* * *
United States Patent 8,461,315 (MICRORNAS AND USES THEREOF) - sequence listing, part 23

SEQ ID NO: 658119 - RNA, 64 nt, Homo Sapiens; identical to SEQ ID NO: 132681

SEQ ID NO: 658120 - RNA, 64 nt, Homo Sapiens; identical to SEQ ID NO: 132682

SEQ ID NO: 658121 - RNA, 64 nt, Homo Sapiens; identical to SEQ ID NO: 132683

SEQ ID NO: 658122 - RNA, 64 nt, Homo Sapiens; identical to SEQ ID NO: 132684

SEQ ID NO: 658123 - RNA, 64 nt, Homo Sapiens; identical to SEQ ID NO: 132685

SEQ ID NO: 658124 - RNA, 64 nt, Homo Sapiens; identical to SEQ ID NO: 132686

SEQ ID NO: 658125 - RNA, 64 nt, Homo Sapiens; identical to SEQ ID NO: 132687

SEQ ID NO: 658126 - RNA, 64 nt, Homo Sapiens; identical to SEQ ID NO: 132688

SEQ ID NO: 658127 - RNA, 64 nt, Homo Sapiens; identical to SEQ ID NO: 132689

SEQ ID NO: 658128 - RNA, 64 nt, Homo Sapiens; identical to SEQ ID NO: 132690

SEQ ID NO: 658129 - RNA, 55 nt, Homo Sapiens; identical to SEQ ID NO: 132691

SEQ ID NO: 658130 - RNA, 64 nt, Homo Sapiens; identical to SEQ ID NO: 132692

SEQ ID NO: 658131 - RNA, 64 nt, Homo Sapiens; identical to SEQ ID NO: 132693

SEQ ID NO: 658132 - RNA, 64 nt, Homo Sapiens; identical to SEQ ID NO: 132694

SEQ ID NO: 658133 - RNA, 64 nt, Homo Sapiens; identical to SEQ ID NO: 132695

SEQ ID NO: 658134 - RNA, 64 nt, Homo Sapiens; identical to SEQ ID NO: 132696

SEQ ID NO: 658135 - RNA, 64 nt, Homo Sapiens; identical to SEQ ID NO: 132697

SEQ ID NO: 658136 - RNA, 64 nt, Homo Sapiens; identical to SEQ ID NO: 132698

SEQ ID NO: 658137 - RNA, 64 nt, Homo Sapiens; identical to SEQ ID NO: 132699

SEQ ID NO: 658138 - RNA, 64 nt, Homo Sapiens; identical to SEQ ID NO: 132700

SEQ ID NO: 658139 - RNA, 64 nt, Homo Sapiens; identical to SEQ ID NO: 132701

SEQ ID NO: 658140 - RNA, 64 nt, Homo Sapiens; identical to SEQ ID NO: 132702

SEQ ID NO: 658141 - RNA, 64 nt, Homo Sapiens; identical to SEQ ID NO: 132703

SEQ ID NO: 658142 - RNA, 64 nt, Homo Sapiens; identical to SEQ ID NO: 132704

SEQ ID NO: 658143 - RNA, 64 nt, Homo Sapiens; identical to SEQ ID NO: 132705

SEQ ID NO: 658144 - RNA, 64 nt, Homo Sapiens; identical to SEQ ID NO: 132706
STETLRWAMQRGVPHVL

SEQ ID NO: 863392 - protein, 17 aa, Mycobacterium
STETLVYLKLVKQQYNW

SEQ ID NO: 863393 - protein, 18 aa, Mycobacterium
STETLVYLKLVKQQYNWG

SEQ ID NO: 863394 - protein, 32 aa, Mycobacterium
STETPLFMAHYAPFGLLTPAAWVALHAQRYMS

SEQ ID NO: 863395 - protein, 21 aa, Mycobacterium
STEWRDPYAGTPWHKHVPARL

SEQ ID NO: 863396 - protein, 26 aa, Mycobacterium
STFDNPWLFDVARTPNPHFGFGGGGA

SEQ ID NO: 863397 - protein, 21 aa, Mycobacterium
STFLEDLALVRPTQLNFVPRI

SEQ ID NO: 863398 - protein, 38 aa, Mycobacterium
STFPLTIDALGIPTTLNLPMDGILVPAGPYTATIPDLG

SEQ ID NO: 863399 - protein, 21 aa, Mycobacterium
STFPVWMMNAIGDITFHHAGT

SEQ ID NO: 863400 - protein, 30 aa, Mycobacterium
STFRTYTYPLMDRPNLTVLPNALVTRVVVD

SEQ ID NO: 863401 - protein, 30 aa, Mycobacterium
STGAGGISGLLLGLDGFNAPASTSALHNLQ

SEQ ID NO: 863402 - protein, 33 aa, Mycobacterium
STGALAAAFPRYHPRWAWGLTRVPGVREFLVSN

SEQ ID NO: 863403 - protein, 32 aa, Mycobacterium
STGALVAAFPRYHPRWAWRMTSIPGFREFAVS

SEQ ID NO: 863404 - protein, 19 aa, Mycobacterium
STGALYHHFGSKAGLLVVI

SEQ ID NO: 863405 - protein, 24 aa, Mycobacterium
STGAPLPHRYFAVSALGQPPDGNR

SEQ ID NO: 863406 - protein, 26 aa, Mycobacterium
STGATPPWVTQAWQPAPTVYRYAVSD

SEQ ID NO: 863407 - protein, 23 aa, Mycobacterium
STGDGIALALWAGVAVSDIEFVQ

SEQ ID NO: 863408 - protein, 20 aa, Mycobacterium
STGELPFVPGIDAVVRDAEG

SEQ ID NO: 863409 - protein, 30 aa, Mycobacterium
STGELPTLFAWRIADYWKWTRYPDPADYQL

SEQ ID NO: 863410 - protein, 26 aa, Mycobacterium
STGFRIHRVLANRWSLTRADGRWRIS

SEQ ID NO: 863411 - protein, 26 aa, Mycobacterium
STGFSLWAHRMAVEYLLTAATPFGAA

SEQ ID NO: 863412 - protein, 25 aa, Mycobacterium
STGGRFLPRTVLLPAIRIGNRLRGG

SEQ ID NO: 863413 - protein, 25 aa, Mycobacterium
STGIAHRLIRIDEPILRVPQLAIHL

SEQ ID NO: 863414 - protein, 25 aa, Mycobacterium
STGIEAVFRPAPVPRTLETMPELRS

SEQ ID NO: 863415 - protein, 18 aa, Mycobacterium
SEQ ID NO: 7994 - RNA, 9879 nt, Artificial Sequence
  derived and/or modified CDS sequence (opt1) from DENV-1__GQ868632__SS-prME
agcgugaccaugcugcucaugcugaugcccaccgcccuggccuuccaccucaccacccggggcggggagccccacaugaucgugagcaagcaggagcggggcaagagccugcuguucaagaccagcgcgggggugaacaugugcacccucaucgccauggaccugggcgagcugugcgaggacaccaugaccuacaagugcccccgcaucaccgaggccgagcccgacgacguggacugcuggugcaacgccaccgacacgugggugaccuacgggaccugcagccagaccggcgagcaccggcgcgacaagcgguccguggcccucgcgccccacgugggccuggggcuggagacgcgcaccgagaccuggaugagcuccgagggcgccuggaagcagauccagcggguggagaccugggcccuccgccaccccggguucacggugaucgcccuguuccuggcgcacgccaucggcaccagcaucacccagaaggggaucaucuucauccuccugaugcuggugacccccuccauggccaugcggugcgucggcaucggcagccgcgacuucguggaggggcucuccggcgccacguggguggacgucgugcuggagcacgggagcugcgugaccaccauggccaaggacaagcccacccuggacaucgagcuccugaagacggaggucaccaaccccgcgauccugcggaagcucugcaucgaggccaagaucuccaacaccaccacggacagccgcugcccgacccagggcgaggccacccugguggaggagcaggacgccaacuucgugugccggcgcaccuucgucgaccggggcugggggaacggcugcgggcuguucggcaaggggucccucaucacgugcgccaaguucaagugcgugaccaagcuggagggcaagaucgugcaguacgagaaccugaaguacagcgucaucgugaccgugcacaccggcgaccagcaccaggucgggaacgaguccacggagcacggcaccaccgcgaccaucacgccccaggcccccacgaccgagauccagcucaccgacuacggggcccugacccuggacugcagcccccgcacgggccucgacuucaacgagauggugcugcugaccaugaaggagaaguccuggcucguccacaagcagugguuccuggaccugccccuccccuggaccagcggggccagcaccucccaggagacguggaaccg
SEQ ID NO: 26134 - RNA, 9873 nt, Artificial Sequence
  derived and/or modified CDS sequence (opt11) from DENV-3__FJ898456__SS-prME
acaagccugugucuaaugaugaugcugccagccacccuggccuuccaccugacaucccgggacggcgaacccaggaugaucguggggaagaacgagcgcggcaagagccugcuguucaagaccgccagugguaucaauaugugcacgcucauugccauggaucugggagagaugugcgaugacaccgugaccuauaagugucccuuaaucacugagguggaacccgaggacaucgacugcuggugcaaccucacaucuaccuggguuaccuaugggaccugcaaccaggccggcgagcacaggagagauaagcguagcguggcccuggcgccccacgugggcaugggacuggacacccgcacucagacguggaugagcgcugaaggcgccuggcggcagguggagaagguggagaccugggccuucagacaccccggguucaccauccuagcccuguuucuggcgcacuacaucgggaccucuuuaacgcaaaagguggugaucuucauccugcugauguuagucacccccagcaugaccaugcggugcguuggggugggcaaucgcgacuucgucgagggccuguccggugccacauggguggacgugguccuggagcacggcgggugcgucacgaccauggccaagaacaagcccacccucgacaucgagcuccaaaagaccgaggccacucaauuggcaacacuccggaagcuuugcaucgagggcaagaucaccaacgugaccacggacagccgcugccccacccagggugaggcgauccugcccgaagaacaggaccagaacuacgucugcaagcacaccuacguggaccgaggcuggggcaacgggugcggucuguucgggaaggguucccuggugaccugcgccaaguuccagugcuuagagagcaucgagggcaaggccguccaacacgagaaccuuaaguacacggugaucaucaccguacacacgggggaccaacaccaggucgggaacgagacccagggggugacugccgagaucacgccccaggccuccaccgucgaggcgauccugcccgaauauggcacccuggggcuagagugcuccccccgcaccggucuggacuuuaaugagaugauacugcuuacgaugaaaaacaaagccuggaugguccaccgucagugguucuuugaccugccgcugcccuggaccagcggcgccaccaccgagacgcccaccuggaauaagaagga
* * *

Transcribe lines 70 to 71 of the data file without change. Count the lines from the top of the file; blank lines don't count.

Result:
STGGRFLPRTVLLPAIRIGNRLRGG

SEQ ID NO: 863413 - protein, 25 aa, Mycobacterium